Governor Mitch Daniels has brought monumental, and not always popular, change to Indiana during his eight years in office.
There was the adoption of daylight saving time, property tax reform, the Toll Road lease, and school vouchers just to name a few.
The Governor has overseen a lot of dramatic changes in public policy. But he's most proud of changing Indiana’s public image.
Mitch Daniels has done a lot of traveling during his two terms as Governor, but he has done very little driving.
“But it's you've heard about that car that only gets driven to church?” says Governor Mitch Daniels. “That's basically my car. So it’s about to come out of the barn.”
And why not? There are, now, so many more roads to drive on. Thanks to Daniels’s $3.8 billion lease of the Indiana Toll Road,
And his Major Moves Program, it's hard to believe the last of that cash is due to be spent in the 2016 budget.
“You know among the many oh, I’ll just say amusing things folks occasionally still say is oh my gosh, the money will be gone,” says Daniels. “I go, no it won't, it's you're standing on it, driving on it, your kid may have a business, a job in a business that locates next to it. We didn’t take the money and spend it on today, we put it, we bought public assets that the state would never have owned, the people would never have owned that will be there forever.”
It's just one bold example of how Daniels dramatically changed public policy, after public policy. In an effort to tackle, what he called, Indiana's inferiority complex.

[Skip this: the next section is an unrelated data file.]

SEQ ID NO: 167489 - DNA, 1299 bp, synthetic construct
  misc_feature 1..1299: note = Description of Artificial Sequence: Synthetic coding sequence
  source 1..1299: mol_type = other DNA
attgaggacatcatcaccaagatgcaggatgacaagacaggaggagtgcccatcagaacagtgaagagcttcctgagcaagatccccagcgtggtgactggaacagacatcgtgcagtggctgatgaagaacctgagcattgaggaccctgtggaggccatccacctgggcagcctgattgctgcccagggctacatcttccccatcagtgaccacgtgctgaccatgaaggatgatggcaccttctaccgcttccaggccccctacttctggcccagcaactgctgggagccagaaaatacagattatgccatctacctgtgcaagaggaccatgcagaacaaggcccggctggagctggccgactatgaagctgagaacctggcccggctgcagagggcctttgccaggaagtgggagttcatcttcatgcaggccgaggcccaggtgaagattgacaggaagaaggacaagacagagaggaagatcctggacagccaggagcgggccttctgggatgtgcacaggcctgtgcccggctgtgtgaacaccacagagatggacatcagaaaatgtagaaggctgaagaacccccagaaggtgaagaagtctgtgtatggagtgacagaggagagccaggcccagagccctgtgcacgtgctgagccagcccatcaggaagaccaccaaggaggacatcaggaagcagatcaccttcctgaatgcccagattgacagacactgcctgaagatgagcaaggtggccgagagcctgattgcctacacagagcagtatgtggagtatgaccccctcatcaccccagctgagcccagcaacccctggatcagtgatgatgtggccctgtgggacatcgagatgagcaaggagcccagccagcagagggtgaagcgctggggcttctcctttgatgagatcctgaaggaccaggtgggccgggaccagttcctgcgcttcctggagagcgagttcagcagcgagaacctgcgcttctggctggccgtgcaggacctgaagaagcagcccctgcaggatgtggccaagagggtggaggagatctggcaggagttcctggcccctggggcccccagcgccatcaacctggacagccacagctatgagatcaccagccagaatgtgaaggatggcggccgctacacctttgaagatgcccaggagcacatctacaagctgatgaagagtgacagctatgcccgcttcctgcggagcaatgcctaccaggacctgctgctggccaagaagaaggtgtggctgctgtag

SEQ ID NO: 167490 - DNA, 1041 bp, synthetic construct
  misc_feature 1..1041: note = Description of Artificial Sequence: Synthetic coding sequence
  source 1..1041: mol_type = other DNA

“I think of ours as an era in which Indiana shook off its reputation as a standstill stick in the mud state and became a national leader in a lot of ways,” says Daniels.
Even the very way, in which Daniels did what he did, was different.
For instance, whenever he went on the road, he slept in the private homes of everyday Hoosiers, not in hotels.
When it came time to have his official portrait done, Daniels became the first Indiana Governor to pose without a coat.
“He was trying to show action orientation somebody who was at work for the people of Indiana someone who was approachable and accessible, not full of himself, and someone everybody could get at and talk to,” said Daniels.
Daniels has done his fair share of mixing it up. Whether campaigning from his RV, or riding his Harley. As a result, he hopes people are less cynical of government, and he hopes he has helped instill an ongoing desire for change among the general populace.
“My fondest hope is that in future years if it’s a new year and whoever, is governor or in the legislature doesn't have anything significant to suggest, to use people will go well, is that all you've got?” explains Daniels.
Mitch Daniels already has his next job lined up; he'll be the president of Purdue University.